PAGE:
Farmers and landowners can now sign up for state cost-share funds in Iowa. These funds help farmers adopt soil health and water quality practices, including planting cover crops, transitioning acres to no-till/strip-till soil management or applying a nitrification inhibitor.
“Iowa farmers and landowners continue to rise to the challenge of improving our state’s soil health and water quality by implementing new conservation practices,” said Iowa Agriculture Secretary Mike Naig. “I encourage all farmers and landowners to look for opportunities to add new conservation practices to their fields to help protect our land for future generations and make measurable progress toward our water quality goals. This program is a great way to get started.”
Farmers who are planting cover crops for the first time are eligible for $25 per acre through the cost-share fund. Farmers who have already experienced the benefits of using cover crops and are continuing the practice can receive $15 per acre.
Producers transitioning acres to no-till or strip-till are eligible for $10 per acre, and may receive $3 per acre for applying fall fertilizer using a nitrapyrin nitrification inhibitor.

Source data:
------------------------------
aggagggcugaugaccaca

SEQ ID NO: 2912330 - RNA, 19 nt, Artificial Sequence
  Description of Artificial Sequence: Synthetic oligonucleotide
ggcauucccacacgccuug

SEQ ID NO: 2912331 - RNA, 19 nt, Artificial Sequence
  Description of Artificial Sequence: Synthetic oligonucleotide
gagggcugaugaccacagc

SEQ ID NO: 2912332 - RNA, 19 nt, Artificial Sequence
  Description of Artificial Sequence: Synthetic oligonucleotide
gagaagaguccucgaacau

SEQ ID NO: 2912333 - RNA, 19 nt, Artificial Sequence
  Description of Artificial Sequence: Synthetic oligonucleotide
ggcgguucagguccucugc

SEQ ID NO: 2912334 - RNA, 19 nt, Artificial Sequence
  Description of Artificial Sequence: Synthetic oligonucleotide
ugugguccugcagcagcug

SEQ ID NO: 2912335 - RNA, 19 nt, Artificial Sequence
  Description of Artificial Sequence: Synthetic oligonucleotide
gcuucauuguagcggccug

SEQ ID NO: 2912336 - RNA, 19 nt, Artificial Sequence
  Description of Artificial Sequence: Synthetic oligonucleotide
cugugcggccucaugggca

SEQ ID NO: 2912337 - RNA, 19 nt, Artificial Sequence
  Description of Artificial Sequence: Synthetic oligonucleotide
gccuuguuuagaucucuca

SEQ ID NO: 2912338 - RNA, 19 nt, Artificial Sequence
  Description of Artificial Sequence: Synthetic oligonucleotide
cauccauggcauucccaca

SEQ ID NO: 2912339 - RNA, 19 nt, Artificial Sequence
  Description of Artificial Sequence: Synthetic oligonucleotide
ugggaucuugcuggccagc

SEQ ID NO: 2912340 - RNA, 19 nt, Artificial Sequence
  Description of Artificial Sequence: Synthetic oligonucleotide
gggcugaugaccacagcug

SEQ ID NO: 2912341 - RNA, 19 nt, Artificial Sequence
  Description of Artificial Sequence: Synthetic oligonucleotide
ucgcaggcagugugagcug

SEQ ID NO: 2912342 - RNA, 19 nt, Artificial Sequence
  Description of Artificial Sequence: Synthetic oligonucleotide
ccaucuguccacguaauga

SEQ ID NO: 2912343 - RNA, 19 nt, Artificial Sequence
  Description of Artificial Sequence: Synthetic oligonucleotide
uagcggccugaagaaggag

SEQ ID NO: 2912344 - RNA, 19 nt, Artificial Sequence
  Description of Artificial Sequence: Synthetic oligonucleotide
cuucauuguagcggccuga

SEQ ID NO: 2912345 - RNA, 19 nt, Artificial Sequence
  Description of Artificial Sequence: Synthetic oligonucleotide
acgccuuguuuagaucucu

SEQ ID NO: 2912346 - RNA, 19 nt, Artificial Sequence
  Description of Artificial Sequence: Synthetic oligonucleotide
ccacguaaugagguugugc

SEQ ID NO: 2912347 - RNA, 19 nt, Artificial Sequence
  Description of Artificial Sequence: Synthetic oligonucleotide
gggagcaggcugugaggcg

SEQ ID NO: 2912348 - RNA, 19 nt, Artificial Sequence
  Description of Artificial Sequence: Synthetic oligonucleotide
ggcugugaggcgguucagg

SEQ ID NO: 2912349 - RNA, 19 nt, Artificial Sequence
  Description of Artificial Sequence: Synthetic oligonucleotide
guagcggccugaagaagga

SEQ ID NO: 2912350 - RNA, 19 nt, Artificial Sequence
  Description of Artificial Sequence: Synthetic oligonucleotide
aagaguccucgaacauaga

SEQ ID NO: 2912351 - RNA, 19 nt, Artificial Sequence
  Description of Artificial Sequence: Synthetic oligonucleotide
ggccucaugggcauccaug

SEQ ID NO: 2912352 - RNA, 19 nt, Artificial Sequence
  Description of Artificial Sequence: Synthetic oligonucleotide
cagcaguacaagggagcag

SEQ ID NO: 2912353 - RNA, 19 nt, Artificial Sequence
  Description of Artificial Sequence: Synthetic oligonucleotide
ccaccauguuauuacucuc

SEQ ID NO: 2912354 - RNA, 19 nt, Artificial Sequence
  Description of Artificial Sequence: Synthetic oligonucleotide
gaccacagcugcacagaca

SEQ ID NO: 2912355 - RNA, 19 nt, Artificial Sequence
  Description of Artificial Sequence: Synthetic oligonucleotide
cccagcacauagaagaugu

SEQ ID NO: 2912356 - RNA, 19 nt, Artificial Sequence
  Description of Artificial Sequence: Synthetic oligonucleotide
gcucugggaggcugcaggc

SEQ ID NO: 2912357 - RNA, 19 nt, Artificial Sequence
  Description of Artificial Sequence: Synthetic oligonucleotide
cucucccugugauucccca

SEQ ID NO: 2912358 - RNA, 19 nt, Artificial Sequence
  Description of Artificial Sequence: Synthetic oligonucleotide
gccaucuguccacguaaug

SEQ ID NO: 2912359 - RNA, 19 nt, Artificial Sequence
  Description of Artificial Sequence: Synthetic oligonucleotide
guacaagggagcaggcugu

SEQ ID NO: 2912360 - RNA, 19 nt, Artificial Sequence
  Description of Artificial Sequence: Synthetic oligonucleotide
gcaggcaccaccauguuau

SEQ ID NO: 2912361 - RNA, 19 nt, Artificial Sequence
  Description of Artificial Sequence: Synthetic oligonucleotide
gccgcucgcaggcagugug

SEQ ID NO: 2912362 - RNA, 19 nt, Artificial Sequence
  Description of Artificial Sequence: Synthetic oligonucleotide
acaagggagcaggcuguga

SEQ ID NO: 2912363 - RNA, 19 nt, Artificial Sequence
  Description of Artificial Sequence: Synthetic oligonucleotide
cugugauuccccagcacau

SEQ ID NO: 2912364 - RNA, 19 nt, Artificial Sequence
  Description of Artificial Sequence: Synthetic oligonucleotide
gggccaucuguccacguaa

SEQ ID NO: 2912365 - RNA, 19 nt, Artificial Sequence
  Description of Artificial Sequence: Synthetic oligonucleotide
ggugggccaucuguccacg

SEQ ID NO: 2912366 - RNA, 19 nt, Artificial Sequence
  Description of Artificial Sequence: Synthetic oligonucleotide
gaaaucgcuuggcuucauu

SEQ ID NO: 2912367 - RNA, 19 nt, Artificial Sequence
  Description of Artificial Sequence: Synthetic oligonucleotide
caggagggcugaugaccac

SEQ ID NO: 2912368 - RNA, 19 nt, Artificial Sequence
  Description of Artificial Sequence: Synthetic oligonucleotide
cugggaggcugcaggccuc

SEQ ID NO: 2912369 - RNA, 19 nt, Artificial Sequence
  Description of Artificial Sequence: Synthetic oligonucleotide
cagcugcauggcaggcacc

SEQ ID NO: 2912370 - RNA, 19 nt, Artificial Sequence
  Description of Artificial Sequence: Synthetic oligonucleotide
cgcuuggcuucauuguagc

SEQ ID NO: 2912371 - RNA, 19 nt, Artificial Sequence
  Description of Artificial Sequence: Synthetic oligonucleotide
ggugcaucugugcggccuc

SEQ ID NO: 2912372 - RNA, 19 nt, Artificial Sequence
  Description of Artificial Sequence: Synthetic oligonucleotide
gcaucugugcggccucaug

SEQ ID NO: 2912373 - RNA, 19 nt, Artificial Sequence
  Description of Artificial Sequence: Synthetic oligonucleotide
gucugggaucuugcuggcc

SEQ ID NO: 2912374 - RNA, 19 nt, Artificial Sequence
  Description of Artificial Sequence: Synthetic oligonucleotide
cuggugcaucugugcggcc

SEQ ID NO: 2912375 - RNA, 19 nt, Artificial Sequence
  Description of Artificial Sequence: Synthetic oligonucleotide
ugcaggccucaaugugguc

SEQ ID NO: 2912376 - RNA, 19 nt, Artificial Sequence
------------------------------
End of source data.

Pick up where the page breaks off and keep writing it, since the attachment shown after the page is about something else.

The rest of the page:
Cost-share funding through the Iowa Department of Agriculture and Land Stewardship is limited to 160 acres per farmer or landowner.
The funds will be made available in July, but farmers can start submitting applications immediately through their local Soil and Water Conservation District offices. Farmers are encouraged to call their Soil and Water Conservation District offices to inquire about additional cost-share funds available through other sources.
With farmers stewarding more than two million acres of cover crops across the state, Iowa continues to be a conservation leader.
Last fall, over 3,500 farmers and landowners enrolled in the cost-share program funded through the Water Quality Initiative.
More than 413,000 acres of cover crops, 13,700 acres of no-till/strip-till and 5,400 acres of nitrification inhibitors were enrolled in the program in 2021.
An estimated $14 million of private funding was invested to match the $6.9 million contributed by the state.
To learn more about the soil health and water quality projects underway around Iowa, visit cleanwateriowa.org.